Picture This: ‘Life on the Base’ Photo Exhibit Shares O.C. Military History

Visit the Great Park gallery in Irvine to see this latest exhibit now through May 7.
Photographs Courtesy of Cynthia Castaneda

The photography exhibition “Life on the Base: MCAS El Toro” is currently on display at the Great Park gallery. The exhibit, which is free and open to the public now through May 7, is composed of images that offer a window into the lives of people who lived on the military base, now the site of the Great Park, during its operation from 1943 through 1999. 

Curated by Cal State Fullerton history alum Cynthia Castaneda as part of her master’s thesis, the exhibit is returning to the public after its original 2020 opening was cut short due to pandemic restrictions.  

“My goal was to present to the public the same kind of revelation that I experienced when I was doing research with the Lawrence De Graaf Center. (The service members on the base) were just like us, really,” Castaneda says. “I overheard people on the opening day saying, ‘I never knew that!’ and that’s the goal—to share the history of this community space with its community members.”  

The photos in the exhibit are not the typical posed photos often shared of military bases. The three sections in the exhibit—Daily, Sports, and Social—each display photos that share a more jovial aspect of base life.  

“I saw these photos of the El Toro women’s softball team, and I thought ‘Hey, I played softball; they did, too.’ I found myself relating to a lot of the aspects of life captured in these photos that showed a casual camaraderie and a real community that we don’t really see,” Castaneda says.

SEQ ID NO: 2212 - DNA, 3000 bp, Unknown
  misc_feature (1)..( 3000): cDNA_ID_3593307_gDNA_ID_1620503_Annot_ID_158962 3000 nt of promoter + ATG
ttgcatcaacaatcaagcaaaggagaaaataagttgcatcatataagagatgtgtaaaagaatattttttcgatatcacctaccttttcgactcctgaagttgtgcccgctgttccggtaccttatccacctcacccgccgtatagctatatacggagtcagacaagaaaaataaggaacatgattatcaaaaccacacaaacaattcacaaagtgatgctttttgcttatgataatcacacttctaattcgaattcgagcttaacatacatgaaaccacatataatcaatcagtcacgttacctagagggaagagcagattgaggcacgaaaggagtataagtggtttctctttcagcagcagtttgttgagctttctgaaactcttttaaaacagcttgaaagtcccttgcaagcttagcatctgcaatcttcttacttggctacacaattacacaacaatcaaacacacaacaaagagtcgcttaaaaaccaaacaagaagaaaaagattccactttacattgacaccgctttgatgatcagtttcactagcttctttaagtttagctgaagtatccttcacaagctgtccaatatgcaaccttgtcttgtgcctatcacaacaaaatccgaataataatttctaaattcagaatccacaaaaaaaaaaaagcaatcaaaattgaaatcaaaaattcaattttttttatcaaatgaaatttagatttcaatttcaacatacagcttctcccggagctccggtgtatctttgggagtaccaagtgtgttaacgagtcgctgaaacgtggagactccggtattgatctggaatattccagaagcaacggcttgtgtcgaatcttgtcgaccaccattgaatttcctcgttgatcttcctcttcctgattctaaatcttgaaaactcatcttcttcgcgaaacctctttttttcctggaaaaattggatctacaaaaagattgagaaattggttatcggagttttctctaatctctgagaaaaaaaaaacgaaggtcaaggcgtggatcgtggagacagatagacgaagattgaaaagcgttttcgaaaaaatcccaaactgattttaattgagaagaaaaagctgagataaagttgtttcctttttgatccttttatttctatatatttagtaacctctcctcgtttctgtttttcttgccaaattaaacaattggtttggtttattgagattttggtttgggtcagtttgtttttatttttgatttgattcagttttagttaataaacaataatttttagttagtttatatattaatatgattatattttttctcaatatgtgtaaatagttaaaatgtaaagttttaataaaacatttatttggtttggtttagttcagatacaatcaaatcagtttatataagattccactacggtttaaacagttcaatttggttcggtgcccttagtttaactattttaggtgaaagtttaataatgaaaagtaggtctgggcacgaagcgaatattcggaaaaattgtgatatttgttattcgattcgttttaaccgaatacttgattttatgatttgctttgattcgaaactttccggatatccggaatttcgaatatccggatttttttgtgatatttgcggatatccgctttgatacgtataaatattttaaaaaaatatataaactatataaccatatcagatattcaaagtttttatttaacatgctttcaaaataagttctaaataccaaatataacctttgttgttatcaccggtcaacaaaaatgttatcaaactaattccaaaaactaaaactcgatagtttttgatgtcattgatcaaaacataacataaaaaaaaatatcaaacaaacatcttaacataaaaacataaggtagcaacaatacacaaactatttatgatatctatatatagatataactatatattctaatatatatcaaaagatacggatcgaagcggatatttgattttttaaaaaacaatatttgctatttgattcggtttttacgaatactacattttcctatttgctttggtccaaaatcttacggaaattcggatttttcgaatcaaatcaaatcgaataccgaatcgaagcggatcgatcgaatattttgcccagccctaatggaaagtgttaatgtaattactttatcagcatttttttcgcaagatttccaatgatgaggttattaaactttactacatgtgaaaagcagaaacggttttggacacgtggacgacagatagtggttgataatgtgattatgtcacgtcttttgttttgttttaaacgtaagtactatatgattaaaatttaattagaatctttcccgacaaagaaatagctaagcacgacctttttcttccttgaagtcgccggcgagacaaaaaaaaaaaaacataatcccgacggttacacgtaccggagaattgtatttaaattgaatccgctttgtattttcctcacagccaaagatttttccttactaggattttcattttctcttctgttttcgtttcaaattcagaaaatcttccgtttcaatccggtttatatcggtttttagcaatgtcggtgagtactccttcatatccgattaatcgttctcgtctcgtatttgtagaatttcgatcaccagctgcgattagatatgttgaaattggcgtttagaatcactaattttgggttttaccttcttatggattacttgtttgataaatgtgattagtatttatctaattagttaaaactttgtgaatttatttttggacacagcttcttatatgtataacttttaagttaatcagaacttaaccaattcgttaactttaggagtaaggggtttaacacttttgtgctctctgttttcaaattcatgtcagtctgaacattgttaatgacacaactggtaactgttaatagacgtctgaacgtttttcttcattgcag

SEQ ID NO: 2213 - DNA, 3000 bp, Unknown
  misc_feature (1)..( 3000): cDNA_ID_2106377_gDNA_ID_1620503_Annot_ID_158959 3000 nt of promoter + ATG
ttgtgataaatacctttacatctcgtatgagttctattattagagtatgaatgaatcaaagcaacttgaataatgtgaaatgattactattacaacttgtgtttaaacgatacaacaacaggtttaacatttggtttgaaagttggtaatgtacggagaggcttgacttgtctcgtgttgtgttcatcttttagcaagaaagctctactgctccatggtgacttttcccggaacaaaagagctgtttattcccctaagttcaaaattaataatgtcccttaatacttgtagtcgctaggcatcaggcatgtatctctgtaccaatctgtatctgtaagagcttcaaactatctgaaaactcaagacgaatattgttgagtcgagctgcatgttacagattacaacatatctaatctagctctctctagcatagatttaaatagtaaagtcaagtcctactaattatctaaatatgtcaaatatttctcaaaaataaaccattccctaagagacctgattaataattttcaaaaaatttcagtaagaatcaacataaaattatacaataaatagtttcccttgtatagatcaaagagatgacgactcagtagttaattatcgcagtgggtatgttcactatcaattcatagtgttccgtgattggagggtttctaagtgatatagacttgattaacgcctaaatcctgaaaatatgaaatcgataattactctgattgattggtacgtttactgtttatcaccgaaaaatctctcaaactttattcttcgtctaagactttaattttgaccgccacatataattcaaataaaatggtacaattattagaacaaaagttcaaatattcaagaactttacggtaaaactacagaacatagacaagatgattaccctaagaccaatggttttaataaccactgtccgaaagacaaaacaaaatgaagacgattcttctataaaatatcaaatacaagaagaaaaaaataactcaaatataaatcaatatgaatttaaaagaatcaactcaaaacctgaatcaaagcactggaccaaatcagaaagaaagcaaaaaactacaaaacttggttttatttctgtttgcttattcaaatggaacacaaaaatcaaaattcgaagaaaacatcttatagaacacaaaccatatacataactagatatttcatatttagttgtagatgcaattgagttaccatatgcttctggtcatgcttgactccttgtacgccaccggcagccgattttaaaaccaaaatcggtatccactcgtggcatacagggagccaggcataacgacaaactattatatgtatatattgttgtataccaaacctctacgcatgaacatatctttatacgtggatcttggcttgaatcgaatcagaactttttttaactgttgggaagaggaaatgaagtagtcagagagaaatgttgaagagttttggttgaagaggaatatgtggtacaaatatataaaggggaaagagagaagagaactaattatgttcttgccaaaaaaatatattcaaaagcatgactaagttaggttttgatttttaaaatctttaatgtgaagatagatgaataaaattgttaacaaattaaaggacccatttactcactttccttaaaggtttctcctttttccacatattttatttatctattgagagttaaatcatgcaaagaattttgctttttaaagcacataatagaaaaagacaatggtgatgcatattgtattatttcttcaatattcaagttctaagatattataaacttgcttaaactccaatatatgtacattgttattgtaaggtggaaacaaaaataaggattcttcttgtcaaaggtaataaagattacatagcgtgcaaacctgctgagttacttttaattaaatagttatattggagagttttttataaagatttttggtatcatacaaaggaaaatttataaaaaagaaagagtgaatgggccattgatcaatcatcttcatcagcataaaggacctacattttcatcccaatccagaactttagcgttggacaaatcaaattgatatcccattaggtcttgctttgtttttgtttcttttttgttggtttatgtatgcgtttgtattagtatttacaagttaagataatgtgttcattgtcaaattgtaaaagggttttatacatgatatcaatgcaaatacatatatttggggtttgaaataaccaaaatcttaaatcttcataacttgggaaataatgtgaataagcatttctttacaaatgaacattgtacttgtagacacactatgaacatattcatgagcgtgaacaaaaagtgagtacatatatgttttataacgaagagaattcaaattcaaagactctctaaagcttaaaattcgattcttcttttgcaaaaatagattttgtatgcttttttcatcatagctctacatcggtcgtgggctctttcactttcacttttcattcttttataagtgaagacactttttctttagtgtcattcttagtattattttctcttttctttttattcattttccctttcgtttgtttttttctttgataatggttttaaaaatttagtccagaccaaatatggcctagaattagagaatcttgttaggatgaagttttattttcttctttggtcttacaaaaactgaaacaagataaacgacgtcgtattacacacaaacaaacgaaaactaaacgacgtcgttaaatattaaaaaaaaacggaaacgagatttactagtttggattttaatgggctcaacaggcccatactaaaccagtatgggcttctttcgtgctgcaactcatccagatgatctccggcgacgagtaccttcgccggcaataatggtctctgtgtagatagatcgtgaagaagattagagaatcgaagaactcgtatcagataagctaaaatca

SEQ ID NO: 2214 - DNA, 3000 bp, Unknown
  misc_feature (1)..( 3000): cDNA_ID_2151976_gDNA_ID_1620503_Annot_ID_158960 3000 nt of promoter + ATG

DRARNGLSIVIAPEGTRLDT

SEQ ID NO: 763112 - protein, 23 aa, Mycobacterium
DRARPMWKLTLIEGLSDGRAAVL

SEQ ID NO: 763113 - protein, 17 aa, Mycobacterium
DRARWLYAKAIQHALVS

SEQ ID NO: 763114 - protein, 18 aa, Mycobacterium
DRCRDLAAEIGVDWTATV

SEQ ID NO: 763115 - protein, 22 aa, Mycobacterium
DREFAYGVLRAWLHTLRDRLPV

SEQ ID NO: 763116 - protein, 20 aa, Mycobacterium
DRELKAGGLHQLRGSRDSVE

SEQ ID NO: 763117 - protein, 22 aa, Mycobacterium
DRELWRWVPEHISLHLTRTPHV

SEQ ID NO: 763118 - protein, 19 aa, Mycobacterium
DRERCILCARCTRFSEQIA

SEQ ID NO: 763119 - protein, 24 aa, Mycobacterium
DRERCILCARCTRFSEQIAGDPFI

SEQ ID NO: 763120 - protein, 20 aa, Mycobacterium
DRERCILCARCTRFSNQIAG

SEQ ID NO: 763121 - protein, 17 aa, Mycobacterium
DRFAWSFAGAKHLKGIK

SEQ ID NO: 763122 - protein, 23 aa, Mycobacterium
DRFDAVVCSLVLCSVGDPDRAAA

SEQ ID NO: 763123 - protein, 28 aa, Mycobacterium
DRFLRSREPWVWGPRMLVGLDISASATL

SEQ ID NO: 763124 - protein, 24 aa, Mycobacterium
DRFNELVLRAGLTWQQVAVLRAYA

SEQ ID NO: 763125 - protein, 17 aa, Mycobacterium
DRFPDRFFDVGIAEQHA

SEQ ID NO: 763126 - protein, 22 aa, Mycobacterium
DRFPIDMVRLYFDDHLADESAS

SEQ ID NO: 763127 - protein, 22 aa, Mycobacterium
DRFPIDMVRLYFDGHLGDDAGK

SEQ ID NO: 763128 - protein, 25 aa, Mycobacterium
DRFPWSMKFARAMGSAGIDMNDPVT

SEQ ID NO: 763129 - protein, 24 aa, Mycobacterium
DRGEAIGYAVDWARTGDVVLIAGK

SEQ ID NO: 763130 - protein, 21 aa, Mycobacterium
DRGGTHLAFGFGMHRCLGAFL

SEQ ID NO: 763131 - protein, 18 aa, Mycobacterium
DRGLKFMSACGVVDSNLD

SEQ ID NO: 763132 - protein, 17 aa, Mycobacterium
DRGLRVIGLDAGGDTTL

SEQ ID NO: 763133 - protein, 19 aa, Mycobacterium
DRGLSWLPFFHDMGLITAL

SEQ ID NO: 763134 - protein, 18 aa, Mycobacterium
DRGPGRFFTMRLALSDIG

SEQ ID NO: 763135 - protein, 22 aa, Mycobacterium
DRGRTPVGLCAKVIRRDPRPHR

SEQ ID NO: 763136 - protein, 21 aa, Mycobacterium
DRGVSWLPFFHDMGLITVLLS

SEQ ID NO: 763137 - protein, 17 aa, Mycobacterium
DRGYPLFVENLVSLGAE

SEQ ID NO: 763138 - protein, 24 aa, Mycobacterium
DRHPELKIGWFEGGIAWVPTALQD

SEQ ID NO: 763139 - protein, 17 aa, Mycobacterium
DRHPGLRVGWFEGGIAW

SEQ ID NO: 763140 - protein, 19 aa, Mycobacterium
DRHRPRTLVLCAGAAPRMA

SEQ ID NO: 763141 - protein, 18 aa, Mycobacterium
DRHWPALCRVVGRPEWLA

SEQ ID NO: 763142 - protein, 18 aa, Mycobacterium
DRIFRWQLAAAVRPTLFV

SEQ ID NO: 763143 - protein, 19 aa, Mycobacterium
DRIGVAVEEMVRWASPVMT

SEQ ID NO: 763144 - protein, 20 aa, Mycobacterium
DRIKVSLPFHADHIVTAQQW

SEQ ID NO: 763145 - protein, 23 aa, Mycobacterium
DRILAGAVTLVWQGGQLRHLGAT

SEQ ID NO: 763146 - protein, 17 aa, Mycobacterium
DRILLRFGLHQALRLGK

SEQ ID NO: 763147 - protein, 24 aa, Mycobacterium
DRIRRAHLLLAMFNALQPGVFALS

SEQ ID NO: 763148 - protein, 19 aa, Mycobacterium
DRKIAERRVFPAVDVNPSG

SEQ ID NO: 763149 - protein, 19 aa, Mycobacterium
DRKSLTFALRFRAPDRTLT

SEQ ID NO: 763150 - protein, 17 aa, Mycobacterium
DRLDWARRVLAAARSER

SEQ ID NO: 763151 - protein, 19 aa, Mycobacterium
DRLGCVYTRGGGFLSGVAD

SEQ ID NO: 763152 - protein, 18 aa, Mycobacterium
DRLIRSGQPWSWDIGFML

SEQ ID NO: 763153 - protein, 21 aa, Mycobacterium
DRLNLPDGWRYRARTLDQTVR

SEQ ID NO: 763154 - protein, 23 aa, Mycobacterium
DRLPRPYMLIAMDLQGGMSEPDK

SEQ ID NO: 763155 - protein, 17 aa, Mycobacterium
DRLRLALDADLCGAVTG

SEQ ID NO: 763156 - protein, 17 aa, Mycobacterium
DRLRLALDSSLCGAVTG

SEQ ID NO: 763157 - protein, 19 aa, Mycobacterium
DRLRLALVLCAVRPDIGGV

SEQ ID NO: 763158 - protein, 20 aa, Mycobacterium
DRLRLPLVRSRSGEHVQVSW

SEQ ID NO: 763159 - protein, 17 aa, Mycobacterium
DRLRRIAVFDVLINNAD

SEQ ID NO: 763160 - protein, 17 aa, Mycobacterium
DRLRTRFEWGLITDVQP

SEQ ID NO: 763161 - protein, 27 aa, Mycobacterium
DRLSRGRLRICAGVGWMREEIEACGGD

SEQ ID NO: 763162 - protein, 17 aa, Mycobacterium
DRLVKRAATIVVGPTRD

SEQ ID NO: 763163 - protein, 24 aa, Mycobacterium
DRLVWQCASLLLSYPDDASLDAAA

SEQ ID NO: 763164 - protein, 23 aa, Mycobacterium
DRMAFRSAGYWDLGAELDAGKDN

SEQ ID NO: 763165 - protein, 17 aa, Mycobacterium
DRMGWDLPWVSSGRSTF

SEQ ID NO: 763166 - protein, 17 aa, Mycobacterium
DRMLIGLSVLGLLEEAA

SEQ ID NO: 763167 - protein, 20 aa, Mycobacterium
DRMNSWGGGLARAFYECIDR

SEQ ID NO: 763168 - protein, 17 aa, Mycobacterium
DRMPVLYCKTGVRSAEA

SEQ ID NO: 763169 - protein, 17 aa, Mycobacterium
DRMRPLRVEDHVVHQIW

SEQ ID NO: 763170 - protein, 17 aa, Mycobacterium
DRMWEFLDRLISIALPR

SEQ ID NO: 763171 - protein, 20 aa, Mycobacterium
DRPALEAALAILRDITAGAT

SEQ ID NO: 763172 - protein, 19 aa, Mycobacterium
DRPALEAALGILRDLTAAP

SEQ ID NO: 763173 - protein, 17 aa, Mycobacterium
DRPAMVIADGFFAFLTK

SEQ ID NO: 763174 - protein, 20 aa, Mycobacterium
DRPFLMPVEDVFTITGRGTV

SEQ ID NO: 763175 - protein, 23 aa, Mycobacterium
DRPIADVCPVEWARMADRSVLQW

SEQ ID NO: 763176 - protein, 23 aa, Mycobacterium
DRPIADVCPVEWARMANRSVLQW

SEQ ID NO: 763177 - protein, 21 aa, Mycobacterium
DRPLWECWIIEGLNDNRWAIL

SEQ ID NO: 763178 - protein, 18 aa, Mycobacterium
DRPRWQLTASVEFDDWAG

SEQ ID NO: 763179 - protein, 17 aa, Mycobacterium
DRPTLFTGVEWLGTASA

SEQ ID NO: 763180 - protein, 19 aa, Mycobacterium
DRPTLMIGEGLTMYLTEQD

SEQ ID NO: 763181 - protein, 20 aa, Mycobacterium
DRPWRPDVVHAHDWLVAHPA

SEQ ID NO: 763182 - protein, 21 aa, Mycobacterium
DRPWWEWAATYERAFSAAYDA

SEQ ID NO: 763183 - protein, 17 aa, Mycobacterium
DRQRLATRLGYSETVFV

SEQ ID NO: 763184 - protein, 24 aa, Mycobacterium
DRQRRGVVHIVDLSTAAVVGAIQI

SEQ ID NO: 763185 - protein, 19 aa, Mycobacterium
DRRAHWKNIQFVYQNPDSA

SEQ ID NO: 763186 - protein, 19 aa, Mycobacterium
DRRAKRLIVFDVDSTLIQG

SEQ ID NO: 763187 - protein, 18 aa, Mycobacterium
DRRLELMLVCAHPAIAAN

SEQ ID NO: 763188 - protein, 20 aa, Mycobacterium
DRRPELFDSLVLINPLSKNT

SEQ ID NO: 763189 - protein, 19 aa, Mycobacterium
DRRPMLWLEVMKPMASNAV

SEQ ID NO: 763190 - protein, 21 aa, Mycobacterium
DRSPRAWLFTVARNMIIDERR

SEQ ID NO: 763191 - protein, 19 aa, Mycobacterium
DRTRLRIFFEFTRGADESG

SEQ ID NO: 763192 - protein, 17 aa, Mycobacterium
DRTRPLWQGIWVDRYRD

The Marine Corps Air Station (MCAS) El Toro opened on March 17, 1943. The land it was on was bought by the Marines in early 1942 from James Irvine, who was using it to grow black and lima beans. The MCAS quickly became a popular hub in Orange County, and was home to the El Toro Air show which drew in 2 million visitors for its last show in 1997. 

“People actually thought this was going to become a community airport because it would tie to the history of the place, but it turned out to be this Great Park which is still so community oriented,” Castaneda says. 

The Great Park is also hosting a number of community events to accompany the exhibit, including a three-part live jazz music series and a one-time archives bazaar.  

The jazz series “Swingin’ in the Palm Court,” held at the Great Park Palm Court Arts Complex, evokes the spirit of recreational life at the base and honors the swing and jazz music often played in the MCAS El Toro’s banquet halls. 

The first show in the three-part series was on Feb. 19 and marked the opening reception of the photography exhibit. The next two shows will be held on Sunday, March 12 and Sunday, April 23, both from 1 to 3 p.m. The shows are free and open to the public. 

Also on March 12 will be the Orange County Archives Bazaar: “Green is the New Orange: The Environment, Art, and Us.” The bazaar will showcase materials that feature both the known and unknown facets of Orange County throughout history. The bazaar is a collaboration between collections and archives across Orange County, including the Anaheim Public Library, the Cal State Fullerton Pollak Library, the Heritage Museum of Orange County, and UC Irvine Libraries. The event will also feature speakers and activities that will be free and open to the public from 11 a.m. to 4 p.m. 

Castaneda will be one of the bazaar event speakers and she plans to discuss the process of curation. 

“I’m happy that people are receiving the exhibit well so far,” she says. “I’m excited to share more of the El Toro history.”